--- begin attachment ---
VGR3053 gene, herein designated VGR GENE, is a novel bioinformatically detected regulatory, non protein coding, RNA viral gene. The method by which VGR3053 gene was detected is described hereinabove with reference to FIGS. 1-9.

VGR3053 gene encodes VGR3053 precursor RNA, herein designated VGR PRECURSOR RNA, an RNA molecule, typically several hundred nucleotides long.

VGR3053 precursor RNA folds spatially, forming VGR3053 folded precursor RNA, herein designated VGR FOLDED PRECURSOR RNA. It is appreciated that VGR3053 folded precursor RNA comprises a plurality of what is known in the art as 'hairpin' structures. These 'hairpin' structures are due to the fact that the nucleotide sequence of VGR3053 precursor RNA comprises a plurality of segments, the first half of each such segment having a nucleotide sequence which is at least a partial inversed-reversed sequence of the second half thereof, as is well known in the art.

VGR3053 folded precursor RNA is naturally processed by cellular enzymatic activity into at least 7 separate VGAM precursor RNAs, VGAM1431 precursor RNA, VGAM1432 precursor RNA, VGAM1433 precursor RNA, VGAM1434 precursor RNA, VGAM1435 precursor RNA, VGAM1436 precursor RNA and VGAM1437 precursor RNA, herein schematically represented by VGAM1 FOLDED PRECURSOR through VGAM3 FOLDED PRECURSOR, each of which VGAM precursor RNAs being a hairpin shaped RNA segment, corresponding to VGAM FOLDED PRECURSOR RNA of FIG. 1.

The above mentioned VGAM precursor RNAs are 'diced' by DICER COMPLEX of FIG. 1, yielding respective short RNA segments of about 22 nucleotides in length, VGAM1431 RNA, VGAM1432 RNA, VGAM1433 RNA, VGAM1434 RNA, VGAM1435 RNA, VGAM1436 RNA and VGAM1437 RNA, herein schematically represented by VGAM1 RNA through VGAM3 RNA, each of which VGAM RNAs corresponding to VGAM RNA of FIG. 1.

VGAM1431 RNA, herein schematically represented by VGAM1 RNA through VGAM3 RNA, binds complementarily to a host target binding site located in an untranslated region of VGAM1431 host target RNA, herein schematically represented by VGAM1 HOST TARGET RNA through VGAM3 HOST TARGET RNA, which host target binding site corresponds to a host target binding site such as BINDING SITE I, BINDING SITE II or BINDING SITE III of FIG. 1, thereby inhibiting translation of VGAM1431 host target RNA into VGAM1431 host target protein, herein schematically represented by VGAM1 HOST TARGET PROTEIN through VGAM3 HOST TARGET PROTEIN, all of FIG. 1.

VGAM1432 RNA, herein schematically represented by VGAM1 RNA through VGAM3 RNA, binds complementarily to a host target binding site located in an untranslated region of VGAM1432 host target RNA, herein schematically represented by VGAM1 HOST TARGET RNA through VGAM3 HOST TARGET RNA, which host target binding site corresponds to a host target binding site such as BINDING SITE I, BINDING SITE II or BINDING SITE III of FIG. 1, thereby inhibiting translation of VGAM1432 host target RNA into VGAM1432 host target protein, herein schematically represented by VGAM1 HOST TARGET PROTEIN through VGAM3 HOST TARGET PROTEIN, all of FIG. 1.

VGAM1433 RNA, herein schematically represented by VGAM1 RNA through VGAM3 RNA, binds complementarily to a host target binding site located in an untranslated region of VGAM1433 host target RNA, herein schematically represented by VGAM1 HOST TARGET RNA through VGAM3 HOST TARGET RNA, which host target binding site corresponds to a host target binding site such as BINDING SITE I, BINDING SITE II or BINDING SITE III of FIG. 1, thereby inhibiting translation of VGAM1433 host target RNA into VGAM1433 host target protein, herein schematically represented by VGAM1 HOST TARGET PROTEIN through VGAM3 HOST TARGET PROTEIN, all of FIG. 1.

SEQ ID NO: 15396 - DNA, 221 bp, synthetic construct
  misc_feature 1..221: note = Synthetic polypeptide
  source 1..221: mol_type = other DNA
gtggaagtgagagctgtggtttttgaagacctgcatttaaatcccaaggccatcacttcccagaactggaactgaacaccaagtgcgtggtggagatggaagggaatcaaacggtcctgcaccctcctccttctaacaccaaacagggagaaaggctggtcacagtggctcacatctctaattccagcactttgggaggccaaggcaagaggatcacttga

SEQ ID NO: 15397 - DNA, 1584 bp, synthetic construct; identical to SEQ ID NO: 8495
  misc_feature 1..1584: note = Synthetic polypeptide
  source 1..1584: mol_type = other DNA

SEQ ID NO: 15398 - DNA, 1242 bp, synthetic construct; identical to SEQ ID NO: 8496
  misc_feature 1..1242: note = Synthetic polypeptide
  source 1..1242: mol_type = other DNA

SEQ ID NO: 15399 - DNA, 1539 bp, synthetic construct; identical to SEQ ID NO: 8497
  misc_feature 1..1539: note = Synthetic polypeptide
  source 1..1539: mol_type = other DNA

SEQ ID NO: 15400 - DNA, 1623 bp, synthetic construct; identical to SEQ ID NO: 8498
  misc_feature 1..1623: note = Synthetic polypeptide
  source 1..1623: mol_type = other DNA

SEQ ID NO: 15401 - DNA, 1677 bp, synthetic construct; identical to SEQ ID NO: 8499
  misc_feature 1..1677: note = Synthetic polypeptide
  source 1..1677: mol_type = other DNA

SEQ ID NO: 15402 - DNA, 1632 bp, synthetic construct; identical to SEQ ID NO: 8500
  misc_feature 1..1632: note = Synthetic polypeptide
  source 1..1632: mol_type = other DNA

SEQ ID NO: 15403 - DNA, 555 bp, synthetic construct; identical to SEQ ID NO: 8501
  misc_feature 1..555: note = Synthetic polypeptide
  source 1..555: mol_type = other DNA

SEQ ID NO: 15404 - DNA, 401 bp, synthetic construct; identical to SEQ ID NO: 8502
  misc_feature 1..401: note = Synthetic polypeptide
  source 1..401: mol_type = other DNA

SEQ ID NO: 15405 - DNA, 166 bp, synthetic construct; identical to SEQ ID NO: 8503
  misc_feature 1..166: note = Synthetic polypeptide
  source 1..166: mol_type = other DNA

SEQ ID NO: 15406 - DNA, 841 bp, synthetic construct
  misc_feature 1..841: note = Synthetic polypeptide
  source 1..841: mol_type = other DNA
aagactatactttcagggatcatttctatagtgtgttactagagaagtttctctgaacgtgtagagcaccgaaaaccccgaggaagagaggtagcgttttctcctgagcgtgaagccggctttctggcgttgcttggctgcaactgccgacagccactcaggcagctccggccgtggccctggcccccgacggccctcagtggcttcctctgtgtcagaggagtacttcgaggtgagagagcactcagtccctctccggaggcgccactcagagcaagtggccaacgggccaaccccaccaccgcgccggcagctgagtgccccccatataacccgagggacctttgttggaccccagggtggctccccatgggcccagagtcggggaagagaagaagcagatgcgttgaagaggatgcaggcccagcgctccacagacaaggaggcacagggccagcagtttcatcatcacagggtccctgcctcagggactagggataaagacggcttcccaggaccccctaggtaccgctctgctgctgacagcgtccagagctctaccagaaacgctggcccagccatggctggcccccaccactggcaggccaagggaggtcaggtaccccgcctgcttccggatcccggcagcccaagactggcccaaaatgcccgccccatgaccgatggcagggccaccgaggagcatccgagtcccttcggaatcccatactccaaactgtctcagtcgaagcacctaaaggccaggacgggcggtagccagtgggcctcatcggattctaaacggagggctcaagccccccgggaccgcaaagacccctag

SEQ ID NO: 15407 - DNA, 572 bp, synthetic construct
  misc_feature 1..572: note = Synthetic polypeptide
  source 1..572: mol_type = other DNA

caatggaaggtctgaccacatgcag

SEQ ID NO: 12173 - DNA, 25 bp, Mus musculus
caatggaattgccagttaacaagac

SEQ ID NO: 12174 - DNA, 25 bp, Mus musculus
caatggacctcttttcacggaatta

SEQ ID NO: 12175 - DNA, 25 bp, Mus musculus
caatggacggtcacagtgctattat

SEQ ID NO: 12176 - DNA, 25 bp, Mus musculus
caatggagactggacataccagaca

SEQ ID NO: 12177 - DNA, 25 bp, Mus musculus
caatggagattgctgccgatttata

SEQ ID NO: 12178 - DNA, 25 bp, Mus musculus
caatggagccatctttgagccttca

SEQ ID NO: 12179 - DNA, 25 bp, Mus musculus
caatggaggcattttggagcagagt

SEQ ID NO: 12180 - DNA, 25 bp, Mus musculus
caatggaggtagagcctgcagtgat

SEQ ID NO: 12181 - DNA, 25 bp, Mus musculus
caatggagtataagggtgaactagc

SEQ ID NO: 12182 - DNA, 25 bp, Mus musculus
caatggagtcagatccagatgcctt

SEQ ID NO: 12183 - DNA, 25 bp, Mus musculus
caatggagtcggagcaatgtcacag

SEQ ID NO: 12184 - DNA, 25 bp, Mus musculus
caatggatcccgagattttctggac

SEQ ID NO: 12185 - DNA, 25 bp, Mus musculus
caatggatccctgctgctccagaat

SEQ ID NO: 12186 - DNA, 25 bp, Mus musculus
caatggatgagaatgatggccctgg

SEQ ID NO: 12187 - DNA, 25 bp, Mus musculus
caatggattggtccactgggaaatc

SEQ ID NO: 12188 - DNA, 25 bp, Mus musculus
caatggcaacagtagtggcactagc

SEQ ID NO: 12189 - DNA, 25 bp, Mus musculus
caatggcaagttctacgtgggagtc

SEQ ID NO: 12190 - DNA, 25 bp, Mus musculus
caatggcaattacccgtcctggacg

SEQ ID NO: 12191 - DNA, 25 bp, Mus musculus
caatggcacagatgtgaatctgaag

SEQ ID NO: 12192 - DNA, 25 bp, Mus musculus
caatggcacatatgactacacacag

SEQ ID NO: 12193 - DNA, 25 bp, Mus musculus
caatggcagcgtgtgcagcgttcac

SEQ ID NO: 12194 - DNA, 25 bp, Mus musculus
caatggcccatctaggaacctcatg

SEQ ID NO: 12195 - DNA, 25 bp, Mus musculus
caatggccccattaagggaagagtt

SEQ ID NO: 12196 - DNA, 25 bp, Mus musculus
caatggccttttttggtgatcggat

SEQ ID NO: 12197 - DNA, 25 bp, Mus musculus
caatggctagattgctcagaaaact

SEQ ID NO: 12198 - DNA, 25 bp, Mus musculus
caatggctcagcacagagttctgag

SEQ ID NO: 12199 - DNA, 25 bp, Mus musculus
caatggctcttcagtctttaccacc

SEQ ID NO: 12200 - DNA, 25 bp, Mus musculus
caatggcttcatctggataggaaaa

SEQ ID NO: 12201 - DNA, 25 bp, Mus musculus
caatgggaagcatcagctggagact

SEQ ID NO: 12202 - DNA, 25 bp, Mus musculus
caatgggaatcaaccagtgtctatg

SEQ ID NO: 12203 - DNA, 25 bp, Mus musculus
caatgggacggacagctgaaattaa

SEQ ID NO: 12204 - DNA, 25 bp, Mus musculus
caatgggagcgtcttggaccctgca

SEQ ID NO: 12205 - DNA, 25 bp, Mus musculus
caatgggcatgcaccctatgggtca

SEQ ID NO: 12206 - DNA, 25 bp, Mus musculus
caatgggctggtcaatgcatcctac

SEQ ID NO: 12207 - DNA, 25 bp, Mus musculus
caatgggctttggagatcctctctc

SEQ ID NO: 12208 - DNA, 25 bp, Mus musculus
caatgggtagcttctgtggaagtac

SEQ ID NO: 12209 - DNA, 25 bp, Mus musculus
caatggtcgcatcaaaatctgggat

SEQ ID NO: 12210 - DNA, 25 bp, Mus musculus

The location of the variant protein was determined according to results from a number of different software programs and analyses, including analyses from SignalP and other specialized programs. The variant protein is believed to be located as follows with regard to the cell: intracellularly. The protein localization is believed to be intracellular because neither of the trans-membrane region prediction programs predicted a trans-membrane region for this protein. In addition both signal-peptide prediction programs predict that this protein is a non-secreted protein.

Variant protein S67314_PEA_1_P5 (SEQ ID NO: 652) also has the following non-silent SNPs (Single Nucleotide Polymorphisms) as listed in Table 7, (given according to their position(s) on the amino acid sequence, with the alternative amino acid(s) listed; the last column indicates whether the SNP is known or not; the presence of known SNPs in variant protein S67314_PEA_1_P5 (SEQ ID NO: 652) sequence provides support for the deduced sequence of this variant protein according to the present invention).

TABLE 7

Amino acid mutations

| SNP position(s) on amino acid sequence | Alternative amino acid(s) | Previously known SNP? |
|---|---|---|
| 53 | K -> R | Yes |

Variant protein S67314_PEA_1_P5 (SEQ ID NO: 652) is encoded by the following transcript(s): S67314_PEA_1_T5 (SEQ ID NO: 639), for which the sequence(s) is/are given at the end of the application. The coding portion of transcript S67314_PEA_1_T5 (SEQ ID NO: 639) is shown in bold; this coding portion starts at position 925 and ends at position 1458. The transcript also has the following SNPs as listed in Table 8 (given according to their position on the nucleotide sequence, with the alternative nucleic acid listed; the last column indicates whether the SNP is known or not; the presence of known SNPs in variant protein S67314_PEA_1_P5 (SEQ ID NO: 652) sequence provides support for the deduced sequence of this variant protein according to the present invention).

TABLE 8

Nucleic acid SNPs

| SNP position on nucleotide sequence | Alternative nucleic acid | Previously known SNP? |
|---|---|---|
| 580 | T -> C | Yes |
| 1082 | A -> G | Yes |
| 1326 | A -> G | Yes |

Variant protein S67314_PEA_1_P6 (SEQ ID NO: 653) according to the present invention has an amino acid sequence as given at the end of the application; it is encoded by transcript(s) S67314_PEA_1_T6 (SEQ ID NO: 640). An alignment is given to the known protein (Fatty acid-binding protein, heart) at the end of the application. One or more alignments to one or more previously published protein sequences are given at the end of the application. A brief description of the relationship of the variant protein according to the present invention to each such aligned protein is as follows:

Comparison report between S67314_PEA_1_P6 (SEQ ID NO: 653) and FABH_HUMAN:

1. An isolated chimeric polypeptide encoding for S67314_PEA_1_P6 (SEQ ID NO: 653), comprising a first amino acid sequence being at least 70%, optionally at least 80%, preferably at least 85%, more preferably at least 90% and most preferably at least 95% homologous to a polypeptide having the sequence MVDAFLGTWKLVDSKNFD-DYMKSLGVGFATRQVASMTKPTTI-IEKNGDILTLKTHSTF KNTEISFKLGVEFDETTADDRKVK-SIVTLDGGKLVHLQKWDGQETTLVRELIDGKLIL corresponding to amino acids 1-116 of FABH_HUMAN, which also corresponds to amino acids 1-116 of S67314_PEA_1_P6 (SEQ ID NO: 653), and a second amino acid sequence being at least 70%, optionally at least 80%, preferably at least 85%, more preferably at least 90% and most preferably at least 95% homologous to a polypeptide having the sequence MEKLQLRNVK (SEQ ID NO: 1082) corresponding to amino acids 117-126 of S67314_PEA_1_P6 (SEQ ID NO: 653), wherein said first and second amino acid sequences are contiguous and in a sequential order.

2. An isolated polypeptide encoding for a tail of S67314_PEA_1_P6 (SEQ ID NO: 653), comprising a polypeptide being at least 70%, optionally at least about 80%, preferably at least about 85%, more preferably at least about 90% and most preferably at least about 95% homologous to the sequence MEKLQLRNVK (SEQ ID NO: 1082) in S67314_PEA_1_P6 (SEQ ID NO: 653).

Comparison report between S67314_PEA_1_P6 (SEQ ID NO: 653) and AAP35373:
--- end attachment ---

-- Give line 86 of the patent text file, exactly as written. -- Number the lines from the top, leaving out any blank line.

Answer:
SEQ ID NO: 12192 - DNA, 25 bp, Mus musculus